Monday, 22 October 2012

Pumpkin Science

Learn about pumpkins from a scientific point of view. Ask a question, conduct an investigation, get information, think about what you have observed, and reach a conclusion. Here are some questions to investigate on the interesting topic of PUMPKINS:

Are the seeds scattered randomly within a pumpkin or arranged in some sort of pattern?
Do BIG pumpkins have larger seeds than smaller pumpkins?
Is there anything in a pumpkin which lines up with the creases on the outside?
What does a pumpkin weigh?
How much does a pumpkin seed weigh?
How many seeds does a pumpkin contain?
Do all pumpkins have the same number of seeds?
Can you tell which side of the pumpkin was against the ground? How? Does the stem help you figure it out?
Will pumpkins float in water? If they do, will they float stem up, stem down, or stem sideways?
Can pumpkin seeds be sorted into groups?
How thick is the skin of a pumpkin?
Do birds eat pumpkin seeds?
Will pumpkin seeds grow if planted right away?
What stories can you find about pumpkins?
Where did pumpkins come from originally?
What other plants do we eat that are related to pumpkins?

Make a book to record your questions and answers!


Saturday, 13 October 2012

Pumpkin Puzzles

Using real pumpkins, let the children draw faces with washable Crayola markers. The ink will wipe off easily with a wet cloth. After a few days, you can make a pumpkin puzzle or "shape sorter."

Open the top of the pumpkin, scoop out the seeds. Let the children help!

Cut a good sized square, circle, rectangle, heart, and triangle out of the pumpkin. Allow the children to find the correct hole to put their piece back into the pumpkin!

Wednesday, 10 October 2012

Halloween Sand Table

Make a sand table by purchasing a bag of play sand at Toys R Us or Rona, or Home Depot. You can find different colors of sand as well. Pour the sand into a large plastic storage container. Clear ones are best. Add some water to keep the dust down if necessary.

Make your sand interesting by adding foam pumpkins or metallic confetti pumpkins. The children can hunt for the pumpkins by digging with shovels, using sifters, and funnels. Give them magnifying glasses to look closely at the pumpkins.

Make it a math activity by counting the pumpkins. You could also tape a number strip to the floor or table so the children can place a pumpkin on each number to help with counting.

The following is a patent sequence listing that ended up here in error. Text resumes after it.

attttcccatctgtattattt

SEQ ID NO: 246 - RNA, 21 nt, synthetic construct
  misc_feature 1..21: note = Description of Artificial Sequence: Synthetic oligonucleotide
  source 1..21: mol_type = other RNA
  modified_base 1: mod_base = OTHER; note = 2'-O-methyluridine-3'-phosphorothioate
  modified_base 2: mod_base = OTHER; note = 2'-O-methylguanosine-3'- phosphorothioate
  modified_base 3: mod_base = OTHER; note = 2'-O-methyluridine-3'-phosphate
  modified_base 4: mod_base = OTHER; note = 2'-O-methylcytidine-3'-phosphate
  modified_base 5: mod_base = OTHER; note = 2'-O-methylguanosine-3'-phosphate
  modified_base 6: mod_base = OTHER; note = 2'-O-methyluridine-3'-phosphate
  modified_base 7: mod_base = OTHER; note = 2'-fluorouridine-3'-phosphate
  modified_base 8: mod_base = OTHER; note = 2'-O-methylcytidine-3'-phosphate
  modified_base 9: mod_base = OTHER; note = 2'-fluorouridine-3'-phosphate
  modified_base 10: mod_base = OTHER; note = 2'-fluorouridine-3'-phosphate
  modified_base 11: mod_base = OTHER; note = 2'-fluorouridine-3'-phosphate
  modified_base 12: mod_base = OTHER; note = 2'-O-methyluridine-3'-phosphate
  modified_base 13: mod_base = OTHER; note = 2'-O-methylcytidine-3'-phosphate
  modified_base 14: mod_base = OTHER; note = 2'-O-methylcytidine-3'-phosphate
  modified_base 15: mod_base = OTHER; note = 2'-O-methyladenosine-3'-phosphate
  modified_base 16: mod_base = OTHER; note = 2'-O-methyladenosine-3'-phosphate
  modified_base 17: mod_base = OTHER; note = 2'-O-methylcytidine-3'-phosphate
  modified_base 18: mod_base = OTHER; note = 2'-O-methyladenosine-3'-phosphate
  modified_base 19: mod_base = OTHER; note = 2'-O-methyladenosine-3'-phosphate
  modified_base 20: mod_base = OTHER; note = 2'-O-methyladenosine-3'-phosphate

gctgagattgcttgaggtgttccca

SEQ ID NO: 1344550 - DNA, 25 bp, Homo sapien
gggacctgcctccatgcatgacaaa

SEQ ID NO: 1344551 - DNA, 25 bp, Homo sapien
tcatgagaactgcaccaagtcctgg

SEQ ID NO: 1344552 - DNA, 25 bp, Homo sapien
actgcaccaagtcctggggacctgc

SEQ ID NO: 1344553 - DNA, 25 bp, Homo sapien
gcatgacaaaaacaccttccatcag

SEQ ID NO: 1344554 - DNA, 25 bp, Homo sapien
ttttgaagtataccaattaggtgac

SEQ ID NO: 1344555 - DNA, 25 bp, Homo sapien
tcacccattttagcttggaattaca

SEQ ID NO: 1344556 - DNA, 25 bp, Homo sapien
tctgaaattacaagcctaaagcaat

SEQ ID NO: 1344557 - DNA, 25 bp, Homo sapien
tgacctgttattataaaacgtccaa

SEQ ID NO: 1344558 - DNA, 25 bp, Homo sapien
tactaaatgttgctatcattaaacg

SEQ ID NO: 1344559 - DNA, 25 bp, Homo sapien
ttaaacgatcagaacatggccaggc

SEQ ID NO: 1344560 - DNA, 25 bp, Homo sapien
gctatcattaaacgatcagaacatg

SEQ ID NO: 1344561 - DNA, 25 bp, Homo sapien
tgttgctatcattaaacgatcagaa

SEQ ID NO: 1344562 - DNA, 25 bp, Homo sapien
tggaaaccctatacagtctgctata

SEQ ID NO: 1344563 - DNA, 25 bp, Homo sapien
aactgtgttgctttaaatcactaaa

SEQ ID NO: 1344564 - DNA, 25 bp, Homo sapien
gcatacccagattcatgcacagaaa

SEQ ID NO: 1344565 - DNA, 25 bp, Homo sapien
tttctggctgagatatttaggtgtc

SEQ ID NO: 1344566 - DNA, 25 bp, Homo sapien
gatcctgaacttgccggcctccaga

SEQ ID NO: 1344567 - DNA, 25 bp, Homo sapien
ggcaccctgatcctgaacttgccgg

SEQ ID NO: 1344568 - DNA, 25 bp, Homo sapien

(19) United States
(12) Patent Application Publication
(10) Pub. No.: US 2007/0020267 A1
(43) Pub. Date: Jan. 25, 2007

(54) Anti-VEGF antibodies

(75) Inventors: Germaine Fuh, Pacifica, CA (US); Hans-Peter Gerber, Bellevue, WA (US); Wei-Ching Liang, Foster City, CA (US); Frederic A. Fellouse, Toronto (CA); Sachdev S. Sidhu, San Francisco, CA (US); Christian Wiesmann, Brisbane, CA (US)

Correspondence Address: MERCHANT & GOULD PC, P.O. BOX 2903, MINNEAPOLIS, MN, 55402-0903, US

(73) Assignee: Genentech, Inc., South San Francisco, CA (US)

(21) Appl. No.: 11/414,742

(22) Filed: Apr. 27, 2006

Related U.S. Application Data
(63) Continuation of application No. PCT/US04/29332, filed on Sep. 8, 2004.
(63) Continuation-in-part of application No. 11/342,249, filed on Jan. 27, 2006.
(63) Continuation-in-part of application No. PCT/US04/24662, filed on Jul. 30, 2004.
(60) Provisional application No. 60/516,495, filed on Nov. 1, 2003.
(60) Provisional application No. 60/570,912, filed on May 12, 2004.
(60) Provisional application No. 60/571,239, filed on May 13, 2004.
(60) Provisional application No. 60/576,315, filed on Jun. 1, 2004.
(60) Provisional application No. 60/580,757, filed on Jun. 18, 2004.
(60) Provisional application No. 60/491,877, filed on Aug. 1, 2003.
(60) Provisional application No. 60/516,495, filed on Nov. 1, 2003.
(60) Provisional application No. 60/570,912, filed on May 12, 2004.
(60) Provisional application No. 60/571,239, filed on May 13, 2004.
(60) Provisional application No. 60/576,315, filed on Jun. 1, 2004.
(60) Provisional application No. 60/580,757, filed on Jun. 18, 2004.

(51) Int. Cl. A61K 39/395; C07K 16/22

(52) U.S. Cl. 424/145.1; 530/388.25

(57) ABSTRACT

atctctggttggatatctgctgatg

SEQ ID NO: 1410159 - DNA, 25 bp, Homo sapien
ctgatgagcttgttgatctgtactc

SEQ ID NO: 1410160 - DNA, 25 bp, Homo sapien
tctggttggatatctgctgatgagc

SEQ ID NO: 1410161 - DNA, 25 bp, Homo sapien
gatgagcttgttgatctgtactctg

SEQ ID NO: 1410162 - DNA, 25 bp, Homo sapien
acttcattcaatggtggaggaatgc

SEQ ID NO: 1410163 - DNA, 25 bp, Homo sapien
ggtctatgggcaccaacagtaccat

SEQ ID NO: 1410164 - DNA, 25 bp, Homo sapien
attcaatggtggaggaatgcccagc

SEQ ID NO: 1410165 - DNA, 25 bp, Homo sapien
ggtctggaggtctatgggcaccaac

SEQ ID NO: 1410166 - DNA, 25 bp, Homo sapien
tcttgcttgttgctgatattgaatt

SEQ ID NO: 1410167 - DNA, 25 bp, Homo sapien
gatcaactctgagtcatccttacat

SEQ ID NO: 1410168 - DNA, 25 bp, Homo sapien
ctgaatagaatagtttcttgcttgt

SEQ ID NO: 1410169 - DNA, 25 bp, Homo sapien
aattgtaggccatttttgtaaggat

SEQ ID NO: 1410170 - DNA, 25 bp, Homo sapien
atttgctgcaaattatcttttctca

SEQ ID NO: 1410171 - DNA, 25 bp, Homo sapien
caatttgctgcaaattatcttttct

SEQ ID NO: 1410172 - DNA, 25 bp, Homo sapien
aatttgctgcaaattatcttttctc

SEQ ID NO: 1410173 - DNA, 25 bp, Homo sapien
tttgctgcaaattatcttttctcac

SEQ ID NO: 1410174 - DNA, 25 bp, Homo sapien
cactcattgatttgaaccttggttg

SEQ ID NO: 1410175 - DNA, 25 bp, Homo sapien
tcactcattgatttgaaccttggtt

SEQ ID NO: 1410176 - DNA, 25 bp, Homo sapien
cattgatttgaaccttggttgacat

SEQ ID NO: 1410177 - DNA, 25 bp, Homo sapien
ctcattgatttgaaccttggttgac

Look at the dollar stores to find more items to add every two days. Spider rings, fingernails, silk leaves, skeletons/skulls, black and orange pom-poms, or nuts in a shell.

Spooky Halloween Sand Table:
You could put your sand table in a darker area and add Halloween lights above or give the children small flashlights or lights that strap onto their head and shine down where they are digging in the sand. Flashlights will work better in a darker area. Add glow in the dark skeleton bones, plastic spiders to the sand, rubber snakes.
Black Diamond Spot Headlamp                              

Saturday, 6 October 2012

Pumpkin Pancakes

2 1/2 cups pancake mix
2 Tablespoons brown sugar
1 Tablespoon cinnamon
1 12 ounce can evaporated milk
1/2 cup pumpkin
3 Tablespoons vegetable oil
2 teaspoons vanilla extract
2 eggs
raisins or chocolate chips to decorate the face

Combine pancake mix, brown sugar and cinnamon in a bowl. Add milk, pumpkin, vegetable oil, vanilla, and eggs. Blend together until smooth. Fry on griddle or skillet. Then have kids decorate with raisins or chocolate chips to make a jack-o-lantern face! Try other food items to make faces too.

Thursday, 4 October 2012

Positive Behaviour Strategies


We are more inclined to resist if someone tells us no. Sometimes when adults are frustrated with children’s behaviour they say no. Children resist and ask “Why?” The goal of the following strategies is to create cooperation and reduce resistance by replacing no and redirecting behaviour successfully.

1, The Make-A-Big Deal Strategy:
Practice noticing children behaving appropriately and then point it out to them.
“I saw you share blocks. That was thoughtful.”
“I heard you solving the problem by taking turns”
“I noticed you helping your friend.”
“You worked hard at putting the toys away.”
When we give attention, thanks, specific and effective recognition we tell children that we care and make them feel proud of their contributions. By focusing on positive behaviours we reinforce those behaviours. The behaviour that gets our positive attention will grow. But we need  practice to notice children when they are behaving appropriately.

2. Replace With Something Appropriate Strategy
When children are behaving inappropriately, redirect/replace it by asking the children to do something appropriate. “Show me how to arrange the blocks by size.” Instead of saying “no” or “don’t do that”, tell the child what to do.
For example: Instead of saying “don’t run”, say “we walk indoors” or “come tiptoe behind me.”

3. The Choice Strategy
When we let children choose it makes them feel that they are in control. They will be more willing to cooperate. Give children two choices and both choices should be positive and acceptable.
“It is time to clean up. Would you like to put away blocks or trucks?”
At snack time, “I am serving fruit for snack. Would you like an apple or a banana?”

4. The When/Then Strategy:
“When you wash your hands, then you can have a snack.”
When there are too many toys on the floor: “When you put some toys away, then you can bring other toys out.”
When/then strategy communicates expectations. When children know what is expected of them they are mopre willing to cooperate. Caution: when using this strategy make sure your expectations are age and developmentally appropriate and respectful of the child.

Source: Young Children, July 2011, National Association for the Education of Young Children